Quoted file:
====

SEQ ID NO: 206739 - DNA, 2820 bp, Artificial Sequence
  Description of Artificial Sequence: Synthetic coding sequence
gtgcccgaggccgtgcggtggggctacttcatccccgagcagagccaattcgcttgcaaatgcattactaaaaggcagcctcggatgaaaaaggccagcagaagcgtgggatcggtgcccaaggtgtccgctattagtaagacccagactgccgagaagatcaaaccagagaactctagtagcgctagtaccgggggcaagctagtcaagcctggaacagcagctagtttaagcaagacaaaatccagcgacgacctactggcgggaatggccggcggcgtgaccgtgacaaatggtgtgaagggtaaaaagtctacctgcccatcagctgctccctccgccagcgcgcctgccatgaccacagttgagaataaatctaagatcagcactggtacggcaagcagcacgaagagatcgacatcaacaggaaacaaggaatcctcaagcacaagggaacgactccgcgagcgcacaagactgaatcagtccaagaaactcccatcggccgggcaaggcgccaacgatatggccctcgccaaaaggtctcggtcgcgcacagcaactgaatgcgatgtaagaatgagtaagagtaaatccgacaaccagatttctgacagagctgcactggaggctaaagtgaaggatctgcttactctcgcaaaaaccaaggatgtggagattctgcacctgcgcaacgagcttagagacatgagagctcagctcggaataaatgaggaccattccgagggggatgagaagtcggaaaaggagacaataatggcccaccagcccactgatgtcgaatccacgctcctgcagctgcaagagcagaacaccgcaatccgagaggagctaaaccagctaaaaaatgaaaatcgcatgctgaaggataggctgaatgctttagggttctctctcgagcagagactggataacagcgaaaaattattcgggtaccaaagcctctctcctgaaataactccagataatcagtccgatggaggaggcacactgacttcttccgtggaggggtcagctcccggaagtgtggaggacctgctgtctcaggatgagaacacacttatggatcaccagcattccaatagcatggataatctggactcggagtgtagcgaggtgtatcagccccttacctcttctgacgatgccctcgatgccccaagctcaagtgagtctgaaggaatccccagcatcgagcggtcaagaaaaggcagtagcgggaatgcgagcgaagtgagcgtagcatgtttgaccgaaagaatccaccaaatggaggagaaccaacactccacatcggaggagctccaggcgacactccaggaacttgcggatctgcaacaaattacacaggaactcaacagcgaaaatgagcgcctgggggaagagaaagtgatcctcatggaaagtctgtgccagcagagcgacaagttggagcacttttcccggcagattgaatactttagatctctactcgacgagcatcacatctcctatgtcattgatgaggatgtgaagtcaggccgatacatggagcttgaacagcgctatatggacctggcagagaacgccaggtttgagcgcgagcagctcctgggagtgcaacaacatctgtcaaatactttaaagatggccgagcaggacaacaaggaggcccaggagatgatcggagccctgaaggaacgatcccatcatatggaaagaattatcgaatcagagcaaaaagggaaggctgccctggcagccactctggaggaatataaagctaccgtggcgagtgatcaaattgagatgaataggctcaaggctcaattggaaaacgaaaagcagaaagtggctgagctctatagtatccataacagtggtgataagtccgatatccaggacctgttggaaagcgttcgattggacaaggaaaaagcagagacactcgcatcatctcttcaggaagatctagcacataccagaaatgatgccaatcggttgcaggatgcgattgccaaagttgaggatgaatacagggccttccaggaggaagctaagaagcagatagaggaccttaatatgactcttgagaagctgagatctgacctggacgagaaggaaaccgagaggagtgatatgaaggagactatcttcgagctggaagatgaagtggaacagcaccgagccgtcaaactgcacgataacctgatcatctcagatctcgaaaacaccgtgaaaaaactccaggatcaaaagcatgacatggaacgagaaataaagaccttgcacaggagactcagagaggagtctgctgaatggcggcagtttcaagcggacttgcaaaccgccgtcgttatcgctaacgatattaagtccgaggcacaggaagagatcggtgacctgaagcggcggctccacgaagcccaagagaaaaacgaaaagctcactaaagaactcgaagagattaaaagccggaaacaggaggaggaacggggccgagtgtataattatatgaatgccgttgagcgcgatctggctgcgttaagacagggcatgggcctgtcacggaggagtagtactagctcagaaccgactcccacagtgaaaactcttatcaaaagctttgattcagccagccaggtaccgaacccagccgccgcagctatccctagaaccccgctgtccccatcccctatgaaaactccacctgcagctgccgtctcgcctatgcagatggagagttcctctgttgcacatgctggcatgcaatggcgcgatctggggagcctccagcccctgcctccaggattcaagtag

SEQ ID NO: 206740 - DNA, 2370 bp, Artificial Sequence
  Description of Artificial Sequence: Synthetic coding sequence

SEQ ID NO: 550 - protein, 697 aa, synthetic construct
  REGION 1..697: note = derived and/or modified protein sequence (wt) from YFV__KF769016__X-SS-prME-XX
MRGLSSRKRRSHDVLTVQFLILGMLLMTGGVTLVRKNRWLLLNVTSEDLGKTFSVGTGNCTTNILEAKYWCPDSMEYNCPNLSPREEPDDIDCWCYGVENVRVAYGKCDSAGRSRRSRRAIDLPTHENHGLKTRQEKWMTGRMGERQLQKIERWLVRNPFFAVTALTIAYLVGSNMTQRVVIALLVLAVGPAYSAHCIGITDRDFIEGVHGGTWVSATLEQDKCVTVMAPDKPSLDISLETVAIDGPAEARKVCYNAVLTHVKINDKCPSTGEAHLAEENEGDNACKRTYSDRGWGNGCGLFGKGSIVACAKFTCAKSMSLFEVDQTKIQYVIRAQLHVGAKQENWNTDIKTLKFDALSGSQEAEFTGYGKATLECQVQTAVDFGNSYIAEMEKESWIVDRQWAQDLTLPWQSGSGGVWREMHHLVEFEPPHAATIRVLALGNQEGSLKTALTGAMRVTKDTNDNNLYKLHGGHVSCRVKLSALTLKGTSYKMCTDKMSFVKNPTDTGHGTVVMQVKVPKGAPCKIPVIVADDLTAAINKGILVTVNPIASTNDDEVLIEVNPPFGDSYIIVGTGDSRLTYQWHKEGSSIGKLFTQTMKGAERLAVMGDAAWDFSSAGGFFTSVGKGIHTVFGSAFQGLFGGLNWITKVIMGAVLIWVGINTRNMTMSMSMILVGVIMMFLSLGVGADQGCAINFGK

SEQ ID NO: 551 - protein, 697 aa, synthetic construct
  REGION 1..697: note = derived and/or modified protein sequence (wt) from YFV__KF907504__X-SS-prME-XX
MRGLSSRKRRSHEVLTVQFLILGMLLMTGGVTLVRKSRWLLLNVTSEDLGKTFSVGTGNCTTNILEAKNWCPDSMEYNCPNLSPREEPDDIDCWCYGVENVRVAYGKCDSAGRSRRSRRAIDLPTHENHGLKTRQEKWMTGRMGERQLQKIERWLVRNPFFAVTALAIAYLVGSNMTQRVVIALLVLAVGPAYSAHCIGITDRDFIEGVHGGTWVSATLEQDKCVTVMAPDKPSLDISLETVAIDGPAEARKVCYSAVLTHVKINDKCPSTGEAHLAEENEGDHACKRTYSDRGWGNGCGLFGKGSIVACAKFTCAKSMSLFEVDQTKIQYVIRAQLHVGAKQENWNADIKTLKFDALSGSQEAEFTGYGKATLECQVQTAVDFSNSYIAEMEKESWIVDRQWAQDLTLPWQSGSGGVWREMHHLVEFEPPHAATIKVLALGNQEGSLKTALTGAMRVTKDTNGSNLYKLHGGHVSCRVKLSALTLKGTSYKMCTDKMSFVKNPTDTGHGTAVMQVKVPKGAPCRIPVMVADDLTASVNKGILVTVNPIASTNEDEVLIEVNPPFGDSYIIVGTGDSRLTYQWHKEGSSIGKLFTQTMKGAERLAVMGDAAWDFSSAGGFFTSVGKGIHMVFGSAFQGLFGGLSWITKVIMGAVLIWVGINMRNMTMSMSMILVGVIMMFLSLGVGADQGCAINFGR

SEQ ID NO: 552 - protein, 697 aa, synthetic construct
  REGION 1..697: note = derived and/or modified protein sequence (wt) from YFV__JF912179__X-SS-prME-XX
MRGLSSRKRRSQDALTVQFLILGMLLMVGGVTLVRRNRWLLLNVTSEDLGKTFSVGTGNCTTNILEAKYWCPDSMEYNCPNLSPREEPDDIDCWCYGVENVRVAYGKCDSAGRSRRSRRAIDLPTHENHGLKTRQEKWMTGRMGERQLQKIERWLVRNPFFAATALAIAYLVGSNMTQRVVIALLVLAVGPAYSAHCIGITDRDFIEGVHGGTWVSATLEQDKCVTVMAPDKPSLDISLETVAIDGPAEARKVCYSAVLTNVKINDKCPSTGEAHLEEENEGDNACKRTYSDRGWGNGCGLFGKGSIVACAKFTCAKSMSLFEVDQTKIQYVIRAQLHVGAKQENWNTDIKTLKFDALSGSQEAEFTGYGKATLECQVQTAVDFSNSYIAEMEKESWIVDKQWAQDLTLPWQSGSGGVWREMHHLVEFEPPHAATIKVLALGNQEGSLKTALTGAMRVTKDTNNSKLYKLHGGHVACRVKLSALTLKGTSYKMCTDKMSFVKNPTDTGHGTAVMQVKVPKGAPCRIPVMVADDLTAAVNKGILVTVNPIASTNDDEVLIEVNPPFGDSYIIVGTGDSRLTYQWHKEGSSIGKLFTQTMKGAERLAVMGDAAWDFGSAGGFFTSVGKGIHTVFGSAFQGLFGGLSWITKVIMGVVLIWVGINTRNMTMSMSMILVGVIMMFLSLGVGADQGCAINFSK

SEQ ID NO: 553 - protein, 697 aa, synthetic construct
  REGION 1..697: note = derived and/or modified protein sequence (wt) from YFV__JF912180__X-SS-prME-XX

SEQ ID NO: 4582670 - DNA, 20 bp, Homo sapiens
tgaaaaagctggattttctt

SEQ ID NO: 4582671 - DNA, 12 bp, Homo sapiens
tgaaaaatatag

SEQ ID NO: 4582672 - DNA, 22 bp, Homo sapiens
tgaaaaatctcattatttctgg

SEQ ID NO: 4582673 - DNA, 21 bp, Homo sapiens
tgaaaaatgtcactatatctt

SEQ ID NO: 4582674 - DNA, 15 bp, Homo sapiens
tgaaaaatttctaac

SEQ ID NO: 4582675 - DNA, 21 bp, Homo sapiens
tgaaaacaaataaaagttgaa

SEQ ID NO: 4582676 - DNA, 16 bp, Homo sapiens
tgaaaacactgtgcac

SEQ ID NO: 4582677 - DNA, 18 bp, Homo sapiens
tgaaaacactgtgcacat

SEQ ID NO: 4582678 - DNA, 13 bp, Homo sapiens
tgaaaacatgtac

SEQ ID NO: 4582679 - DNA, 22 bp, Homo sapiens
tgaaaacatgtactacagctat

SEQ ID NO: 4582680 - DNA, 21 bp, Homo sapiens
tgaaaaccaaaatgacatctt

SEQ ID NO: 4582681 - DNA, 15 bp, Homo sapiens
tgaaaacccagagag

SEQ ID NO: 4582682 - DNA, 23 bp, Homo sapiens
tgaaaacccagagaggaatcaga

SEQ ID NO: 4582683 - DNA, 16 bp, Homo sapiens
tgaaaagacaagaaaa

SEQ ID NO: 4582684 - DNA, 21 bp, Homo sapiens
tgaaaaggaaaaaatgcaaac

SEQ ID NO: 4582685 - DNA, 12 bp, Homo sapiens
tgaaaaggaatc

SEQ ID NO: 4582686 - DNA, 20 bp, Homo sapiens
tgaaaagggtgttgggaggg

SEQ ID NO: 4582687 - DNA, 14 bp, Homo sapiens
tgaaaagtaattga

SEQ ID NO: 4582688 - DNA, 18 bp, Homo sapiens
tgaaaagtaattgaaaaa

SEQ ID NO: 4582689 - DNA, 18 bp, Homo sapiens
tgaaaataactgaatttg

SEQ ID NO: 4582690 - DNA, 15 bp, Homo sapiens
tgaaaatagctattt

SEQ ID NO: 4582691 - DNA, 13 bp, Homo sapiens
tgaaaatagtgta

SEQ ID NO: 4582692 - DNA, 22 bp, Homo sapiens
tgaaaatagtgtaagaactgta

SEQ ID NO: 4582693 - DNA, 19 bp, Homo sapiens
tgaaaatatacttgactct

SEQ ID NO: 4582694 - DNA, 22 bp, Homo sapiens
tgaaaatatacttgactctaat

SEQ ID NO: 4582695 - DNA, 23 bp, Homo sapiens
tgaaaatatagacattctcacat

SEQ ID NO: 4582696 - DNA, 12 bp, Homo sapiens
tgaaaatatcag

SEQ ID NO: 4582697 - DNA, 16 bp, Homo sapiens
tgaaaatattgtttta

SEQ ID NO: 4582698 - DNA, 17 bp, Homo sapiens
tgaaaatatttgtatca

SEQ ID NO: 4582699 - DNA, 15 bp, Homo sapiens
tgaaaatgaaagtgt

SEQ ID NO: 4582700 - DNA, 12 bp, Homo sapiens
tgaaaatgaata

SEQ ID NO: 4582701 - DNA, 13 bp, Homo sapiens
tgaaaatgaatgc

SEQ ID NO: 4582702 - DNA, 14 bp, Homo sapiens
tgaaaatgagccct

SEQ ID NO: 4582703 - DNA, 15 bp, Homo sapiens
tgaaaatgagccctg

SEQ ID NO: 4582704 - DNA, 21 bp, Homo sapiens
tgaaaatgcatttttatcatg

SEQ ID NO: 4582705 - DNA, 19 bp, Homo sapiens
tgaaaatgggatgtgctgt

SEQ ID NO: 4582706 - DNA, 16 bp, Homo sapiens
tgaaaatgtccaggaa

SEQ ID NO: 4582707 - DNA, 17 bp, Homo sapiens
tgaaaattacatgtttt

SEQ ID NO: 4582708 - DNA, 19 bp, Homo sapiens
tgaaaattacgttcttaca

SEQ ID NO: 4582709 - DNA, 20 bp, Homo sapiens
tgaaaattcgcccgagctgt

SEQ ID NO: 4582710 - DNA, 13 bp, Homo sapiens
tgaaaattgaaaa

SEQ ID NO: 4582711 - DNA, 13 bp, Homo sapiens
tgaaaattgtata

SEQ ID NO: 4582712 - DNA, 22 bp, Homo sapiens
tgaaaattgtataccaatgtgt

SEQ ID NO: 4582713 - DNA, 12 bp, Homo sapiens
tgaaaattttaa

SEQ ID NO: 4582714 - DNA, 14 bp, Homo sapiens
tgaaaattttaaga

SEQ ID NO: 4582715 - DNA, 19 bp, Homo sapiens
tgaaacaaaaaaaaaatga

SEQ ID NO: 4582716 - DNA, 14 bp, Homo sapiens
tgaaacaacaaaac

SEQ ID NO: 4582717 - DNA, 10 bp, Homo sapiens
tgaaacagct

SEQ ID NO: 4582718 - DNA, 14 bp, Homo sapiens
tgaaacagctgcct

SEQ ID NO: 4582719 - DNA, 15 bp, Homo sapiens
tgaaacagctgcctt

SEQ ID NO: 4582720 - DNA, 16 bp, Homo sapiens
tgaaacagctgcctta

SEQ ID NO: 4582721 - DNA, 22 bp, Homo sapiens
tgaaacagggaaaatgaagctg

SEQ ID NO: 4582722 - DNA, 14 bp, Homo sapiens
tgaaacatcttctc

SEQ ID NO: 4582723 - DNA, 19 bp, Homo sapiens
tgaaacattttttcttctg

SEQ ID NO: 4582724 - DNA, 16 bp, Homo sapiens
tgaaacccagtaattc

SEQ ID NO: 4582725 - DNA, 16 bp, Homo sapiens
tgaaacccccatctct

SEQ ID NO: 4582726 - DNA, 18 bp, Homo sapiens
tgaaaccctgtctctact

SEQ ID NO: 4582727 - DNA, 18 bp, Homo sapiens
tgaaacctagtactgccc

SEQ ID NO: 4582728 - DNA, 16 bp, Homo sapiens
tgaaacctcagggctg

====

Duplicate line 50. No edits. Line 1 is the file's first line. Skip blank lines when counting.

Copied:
tgaaaagggtgttgggaggg